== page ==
How to claim tax forgiveness for military personnel

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If a member of the United States’ Armed Forces dies in a combat zone from wounds, injury or disease, then his/her tax liability is forgiven.

The forgiveness applies to the year when death occurred and previous tax year ending before the member began service in a combat zone in active service.  In addition to this, any taxes which are unpaid for the years ending before the member began service in a combat zone will also be forgiven.  If any of these taxes are paid after the date of death, they will be refunded.

If a member of United States’ armed forces dies serving outside the combat zone, but was in direct support of military operations in that zone, then the rules of forgiveness are also applicable to him or her.

If an individual dies from wounds or injurious incurred as a member of the United States Armed Forces in a terrorist or a military action, his or her tax liability is forgiven.  For example, John died in 2008 of wounds incurred in a terrorist attack in 2007.  Income tax liability is forgiven for the tax years 2006, 2007 and 2008.

How to claim the forgiveness or refund

Usually Form 1040X is used to claim the refund.

If the tax liability of the descendent is forgiven, the personal representative should take the following steps:

He should file Form 1040 if a tax and return has not been filed for the year. Form 1040X should be filed if a tax return has been already filed. Form 1040X should be filed for each year.  He should identify the return properly by writing correct description on the line for total tax. Example ‘Kosovo Operation – KIA’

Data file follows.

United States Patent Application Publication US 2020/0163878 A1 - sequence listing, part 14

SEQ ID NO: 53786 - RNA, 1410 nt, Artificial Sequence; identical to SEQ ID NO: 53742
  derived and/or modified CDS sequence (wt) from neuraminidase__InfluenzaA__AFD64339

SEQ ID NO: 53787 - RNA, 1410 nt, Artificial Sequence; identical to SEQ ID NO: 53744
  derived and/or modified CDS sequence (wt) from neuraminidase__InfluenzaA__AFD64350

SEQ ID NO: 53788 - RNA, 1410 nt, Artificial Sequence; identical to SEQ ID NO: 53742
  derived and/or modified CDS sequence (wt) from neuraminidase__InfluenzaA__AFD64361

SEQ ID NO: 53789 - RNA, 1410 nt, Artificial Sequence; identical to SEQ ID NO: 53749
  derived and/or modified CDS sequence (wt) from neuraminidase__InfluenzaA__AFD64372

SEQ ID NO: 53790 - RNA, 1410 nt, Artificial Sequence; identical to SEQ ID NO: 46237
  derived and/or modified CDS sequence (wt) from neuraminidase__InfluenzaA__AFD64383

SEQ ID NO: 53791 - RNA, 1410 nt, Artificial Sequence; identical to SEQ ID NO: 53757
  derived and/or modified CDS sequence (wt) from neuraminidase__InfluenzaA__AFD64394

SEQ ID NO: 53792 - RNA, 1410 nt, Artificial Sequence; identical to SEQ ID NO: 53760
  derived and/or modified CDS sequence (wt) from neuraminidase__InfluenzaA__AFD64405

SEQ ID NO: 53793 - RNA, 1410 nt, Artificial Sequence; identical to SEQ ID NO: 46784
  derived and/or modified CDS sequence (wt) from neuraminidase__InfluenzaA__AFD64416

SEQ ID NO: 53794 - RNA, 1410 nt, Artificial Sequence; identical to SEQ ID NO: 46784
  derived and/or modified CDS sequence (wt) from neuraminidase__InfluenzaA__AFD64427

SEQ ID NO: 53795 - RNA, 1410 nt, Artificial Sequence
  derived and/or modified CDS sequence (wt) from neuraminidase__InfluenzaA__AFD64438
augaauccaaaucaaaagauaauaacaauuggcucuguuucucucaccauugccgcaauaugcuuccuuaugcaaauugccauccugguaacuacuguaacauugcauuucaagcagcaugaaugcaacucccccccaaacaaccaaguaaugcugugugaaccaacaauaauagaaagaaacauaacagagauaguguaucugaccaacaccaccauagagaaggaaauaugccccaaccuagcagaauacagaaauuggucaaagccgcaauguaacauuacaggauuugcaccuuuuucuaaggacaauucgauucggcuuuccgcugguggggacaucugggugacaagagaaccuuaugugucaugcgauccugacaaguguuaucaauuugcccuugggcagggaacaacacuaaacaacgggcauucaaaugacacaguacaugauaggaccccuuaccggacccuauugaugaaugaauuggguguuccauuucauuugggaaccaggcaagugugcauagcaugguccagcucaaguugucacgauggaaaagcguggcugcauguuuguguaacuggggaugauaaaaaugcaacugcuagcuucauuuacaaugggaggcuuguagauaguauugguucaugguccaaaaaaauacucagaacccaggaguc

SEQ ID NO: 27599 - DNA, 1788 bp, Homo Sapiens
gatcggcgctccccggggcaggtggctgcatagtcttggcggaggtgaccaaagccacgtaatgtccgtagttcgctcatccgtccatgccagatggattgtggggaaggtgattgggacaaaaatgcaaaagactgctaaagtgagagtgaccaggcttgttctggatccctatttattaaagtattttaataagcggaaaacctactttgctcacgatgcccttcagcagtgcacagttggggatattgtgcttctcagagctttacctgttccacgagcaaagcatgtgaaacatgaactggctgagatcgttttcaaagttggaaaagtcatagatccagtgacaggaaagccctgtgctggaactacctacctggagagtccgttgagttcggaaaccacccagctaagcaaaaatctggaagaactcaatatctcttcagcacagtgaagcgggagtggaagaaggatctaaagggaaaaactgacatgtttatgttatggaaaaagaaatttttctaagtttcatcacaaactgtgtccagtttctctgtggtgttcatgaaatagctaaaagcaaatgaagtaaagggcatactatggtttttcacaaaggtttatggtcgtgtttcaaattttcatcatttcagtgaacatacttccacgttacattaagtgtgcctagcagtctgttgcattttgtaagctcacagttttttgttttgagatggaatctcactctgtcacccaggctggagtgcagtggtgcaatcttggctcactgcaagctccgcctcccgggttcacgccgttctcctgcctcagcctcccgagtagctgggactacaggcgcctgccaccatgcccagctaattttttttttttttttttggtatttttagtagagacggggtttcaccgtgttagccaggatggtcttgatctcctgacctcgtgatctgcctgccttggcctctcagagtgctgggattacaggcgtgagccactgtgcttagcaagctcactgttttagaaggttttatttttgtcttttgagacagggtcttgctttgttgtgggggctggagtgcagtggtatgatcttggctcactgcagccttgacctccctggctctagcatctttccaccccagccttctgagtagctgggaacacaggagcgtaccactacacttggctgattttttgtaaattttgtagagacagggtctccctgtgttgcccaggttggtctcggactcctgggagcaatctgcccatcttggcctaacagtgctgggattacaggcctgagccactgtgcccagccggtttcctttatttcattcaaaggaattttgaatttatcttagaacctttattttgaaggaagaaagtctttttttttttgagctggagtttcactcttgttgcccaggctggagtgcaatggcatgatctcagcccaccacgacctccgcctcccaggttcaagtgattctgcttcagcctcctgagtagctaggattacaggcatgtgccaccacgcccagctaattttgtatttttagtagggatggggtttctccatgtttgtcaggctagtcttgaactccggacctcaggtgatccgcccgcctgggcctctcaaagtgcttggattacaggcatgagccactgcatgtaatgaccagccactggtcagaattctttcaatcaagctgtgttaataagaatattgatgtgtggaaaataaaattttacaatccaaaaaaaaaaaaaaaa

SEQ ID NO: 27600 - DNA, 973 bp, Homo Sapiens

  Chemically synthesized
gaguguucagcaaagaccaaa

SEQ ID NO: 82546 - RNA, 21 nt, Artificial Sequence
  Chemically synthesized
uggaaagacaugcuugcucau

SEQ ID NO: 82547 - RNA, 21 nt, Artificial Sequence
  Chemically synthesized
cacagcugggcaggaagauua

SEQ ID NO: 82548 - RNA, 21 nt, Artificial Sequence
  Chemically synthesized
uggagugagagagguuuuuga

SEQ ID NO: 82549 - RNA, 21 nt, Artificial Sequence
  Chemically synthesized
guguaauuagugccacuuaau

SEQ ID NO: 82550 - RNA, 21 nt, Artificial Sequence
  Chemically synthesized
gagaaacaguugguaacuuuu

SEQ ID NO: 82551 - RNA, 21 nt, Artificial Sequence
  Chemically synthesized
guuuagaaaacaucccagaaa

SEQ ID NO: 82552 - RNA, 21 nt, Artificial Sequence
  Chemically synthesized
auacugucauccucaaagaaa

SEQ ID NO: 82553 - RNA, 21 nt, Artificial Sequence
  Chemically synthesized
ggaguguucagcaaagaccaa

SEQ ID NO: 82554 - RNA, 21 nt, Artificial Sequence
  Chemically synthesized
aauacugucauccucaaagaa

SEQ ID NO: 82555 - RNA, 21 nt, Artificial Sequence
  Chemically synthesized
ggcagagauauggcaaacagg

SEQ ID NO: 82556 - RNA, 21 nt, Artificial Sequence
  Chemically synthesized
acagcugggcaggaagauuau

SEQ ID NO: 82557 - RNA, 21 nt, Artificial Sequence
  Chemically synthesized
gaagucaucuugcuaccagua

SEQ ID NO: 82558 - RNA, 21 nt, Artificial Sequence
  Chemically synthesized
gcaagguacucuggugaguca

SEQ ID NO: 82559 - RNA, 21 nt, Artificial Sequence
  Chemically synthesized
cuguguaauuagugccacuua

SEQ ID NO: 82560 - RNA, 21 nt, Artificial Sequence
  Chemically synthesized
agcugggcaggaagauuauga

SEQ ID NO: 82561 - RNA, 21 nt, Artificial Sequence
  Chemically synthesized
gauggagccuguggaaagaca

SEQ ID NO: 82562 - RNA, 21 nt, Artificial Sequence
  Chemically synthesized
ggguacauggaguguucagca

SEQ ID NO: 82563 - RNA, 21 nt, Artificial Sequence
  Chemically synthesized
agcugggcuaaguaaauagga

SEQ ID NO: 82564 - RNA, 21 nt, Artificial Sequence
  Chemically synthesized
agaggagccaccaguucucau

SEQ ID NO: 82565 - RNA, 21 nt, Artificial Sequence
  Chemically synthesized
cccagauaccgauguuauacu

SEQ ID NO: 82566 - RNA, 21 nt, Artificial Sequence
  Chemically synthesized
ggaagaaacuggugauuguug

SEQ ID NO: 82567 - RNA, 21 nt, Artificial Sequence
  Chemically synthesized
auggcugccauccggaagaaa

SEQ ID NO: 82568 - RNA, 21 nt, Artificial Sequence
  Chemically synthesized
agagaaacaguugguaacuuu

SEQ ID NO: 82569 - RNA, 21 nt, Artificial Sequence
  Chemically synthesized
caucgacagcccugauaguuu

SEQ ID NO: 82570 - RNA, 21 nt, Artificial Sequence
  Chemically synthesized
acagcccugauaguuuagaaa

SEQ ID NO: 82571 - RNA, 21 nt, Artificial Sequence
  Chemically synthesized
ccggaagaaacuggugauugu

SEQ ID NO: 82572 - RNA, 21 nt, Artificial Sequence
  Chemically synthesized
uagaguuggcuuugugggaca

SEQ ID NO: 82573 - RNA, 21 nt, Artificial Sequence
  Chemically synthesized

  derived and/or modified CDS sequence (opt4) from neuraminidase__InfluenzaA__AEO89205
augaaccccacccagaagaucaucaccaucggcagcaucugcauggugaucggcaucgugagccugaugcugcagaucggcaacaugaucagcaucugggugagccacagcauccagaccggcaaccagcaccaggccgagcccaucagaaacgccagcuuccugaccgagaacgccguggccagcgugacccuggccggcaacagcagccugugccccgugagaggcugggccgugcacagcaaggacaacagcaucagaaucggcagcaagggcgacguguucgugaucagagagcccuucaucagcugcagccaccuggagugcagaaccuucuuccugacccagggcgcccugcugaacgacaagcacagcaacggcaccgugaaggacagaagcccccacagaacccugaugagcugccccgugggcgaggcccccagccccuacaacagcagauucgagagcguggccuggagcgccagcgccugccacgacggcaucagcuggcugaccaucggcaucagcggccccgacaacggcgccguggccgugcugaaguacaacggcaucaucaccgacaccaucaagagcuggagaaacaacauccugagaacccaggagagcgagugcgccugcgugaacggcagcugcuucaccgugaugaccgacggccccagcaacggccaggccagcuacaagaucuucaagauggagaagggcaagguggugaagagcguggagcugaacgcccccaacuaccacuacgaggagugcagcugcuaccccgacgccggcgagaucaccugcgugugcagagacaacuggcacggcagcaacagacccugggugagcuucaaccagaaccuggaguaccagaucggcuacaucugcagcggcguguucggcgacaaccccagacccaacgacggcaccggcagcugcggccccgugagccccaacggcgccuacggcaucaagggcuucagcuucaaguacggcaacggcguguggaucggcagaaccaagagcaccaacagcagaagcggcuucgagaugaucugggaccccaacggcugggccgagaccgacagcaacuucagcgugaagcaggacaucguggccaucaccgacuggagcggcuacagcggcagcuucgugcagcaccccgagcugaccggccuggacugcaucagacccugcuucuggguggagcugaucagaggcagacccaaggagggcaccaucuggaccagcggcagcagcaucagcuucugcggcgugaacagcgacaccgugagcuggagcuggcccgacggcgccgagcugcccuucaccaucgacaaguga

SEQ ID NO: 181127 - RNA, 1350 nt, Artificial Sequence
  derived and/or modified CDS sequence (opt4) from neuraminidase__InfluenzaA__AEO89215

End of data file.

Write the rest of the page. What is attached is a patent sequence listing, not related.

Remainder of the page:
He should also include an attachment showing computation of the tax liability of the descendent before any amount is forgiven and the amount that is to be forgiven.  A certification from the Department of Defense or the Department of State must be attached.  Form 1310, which is a statement of person claiming refund due to a deceased taxpayer, should also be attached.

If the certification is received a but there is not enough tax information to file a claim in the given deadline for refund, then file Form 1040X along with Form 1310.

There is a deadline for filing such claim.  The period for filing a refund claim is generally three years from the time of filing the return or two years from the time of payment of the tax, whichever is later.

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